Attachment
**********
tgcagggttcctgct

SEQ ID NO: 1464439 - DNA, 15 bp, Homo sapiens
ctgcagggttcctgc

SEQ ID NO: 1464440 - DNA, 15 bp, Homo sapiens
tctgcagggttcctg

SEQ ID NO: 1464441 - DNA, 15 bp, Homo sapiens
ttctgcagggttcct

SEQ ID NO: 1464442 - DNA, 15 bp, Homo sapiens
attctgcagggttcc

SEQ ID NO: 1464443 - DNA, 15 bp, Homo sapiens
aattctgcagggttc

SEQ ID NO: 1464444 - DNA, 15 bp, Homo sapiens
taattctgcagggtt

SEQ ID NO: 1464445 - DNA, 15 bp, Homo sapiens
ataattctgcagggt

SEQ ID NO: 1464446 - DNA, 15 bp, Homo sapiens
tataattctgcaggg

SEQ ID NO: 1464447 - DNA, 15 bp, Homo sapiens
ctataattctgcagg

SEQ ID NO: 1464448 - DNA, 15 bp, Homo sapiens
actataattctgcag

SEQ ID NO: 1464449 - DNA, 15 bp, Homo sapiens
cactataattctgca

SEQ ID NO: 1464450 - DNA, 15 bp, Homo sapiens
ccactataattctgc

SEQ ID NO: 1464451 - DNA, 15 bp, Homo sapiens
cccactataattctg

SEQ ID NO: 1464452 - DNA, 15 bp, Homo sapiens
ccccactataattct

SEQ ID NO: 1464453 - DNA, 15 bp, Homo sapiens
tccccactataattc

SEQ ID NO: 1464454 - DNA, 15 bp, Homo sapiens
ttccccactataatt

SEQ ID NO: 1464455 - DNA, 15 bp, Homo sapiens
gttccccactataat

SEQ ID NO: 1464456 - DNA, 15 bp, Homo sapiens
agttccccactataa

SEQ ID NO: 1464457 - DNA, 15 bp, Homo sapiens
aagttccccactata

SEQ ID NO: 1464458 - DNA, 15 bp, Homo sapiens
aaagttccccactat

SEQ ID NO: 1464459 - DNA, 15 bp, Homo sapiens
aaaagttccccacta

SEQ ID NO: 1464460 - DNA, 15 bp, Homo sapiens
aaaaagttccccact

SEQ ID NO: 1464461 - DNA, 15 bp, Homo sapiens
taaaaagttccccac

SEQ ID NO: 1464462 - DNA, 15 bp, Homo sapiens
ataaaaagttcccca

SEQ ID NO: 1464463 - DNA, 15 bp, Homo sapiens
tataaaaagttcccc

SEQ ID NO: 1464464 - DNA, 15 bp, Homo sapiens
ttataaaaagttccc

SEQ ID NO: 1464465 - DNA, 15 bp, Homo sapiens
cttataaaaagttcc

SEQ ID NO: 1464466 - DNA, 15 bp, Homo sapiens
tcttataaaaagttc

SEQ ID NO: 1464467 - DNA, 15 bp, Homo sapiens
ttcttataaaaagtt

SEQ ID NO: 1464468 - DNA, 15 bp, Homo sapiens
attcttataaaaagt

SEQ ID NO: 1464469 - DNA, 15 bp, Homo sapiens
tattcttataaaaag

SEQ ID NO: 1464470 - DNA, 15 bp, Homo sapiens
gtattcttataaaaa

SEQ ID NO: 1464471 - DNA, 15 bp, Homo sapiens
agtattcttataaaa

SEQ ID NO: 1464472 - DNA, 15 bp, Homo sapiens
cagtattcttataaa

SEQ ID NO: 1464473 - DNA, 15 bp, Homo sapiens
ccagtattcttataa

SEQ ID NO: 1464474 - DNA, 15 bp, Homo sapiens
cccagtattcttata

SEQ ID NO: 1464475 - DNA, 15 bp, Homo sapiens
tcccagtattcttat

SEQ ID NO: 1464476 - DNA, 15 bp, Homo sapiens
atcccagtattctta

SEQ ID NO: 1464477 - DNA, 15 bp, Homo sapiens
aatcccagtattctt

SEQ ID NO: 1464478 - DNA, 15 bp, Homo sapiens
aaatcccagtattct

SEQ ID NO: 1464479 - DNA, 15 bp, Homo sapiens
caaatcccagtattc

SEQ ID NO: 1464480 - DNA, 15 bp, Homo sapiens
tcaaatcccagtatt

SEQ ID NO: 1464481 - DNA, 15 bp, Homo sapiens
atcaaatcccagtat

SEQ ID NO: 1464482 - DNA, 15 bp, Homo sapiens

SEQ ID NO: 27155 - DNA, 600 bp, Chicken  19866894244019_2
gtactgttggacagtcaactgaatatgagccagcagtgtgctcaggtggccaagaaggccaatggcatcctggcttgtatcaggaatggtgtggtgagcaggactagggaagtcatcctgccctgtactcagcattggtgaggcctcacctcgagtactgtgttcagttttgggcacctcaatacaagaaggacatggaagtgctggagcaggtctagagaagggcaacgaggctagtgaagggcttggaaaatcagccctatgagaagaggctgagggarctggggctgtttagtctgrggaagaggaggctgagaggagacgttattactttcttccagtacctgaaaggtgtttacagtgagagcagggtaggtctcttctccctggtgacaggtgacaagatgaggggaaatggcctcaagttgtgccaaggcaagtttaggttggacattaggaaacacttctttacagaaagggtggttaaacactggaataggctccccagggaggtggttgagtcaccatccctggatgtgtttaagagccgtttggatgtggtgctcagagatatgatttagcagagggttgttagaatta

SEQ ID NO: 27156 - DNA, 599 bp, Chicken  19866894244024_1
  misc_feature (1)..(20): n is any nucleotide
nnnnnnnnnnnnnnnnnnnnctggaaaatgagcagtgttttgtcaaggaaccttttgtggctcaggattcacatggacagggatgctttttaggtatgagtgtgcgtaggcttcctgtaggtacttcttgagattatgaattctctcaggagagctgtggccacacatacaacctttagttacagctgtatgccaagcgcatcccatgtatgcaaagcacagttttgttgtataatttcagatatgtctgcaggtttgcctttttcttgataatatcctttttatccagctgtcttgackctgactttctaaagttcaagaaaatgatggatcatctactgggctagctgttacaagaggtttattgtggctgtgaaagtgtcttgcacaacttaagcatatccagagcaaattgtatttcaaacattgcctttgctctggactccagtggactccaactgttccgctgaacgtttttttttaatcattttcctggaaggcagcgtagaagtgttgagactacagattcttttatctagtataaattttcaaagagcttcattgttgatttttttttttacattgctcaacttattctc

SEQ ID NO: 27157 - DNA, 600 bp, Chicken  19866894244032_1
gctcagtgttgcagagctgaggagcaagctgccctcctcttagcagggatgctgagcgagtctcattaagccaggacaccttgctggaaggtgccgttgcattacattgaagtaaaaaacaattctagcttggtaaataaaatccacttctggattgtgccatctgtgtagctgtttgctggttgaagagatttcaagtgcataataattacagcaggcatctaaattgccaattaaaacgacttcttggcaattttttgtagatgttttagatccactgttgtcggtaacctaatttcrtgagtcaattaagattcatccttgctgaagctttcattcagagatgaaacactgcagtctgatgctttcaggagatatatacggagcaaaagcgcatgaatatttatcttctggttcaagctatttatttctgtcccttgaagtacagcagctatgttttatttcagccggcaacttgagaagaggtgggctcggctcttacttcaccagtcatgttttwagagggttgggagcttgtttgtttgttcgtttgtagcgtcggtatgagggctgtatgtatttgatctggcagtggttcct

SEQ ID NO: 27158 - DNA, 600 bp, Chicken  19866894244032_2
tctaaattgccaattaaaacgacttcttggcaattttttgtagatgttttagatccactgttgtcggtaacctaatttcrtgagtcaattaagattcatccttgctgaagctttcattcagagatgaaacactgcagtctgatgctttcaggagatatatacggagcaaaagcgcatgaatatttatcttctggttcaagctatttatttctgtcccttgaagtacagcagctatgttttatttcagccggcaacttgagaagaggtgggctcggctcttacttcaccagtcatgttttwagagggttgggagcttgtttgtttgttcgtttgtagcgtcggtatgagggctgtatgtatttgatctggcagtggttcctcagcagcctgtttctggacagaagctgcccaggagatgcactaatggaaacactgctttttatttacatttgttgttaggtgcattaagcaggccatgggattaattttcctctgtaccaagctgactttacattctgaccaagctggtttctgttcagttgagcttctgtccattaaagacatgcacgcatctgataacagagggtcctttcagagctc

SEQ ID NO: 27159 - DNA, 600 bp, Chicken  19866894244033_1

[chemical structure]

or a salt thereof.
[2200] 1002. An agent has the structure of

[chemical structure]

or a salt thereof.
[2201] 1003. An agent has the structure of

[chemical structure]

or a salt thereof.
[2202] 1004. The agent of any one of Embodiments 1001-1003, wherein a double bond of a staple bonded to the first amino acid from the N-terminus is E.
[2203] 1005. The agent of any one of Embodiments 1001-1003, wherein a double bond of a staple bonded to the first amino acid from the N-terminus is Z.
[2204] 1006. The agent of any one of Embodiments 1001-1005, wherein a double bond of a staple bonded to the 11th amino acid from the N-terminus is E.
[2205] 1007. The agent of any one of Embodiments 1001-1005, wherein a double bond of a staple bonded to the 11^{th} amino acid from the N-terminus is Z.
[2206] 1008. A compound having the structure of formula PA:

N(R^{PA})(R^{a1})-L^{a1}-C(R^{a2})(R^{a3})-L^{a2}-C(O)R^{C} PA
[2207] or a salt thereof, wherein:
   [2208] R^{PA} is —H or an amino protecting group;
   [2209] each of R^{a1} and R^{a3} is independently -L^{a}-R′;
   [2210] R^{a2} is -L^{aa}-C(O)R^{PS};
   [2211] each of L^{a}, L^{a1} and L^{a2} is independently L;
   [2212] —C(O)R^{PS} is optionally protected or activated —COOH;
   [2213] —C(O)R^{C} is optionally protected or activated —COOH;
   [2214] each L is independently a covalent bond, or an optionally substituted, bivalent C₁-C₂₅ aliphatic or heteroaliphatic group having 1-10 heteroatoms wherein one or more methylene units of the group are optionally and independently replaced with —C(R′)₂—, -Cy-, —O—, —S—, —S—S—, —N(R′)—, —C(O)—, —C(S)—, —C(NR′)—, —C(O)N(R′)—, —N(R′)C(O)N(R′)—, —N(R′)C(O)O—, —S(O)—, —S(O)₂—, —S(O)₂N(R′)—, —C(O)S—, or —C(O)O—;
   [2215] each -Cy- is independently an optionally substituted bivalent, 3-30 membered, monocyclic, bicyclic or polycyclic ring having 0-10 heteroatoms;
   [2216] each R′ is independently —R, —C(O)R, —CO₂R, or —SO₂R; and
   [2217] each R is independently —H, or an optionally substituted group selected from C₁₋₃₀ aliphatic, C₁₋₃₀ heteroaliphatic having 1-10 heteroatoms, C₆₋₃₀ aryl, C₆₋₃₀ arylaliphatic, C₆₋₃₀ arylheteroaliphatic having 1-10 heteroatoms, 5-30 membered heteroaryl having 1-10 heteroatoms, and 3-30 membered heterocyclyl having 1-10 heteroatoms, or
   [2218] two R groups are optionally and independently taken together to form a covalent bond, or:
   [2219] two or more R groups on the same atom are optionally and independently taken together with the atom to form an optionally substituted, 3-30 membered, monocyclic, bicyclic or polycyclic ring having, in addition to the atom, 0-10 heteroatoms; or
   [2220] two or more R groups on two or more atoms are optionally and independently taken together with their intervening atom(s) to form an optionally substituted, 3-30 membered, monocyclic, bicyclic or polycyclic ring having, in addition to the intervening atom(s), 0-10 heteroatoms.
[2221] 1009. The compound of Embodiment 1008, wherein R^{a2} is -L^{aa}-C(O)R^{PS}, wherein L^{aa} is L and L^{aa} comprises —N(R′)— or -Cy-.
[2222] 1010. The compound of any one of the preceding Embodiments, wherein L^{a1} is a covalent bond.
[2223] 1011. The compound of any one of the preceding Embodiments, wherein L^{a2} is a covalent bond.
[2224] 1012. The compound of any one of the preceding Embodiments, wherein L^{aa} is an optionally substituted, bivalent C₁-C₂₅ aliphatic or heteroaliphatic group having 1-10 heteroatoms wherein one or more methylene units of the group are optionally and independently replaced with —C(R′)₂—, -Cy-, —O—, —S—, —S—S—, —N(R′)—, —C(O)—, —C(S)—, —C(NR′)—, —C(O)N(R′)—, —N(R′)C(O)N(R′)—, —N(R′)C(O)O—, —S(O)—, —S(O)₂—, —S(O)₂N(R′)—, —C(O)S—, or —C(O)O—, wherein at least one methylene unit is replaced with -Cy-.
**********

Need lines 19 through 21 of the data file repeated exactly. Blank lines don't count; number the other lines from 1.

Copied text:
ctataattctgcagg

SEQ ID NO: 1464448 - DNA, 15 bp, Homo sapiens
actataattctgcag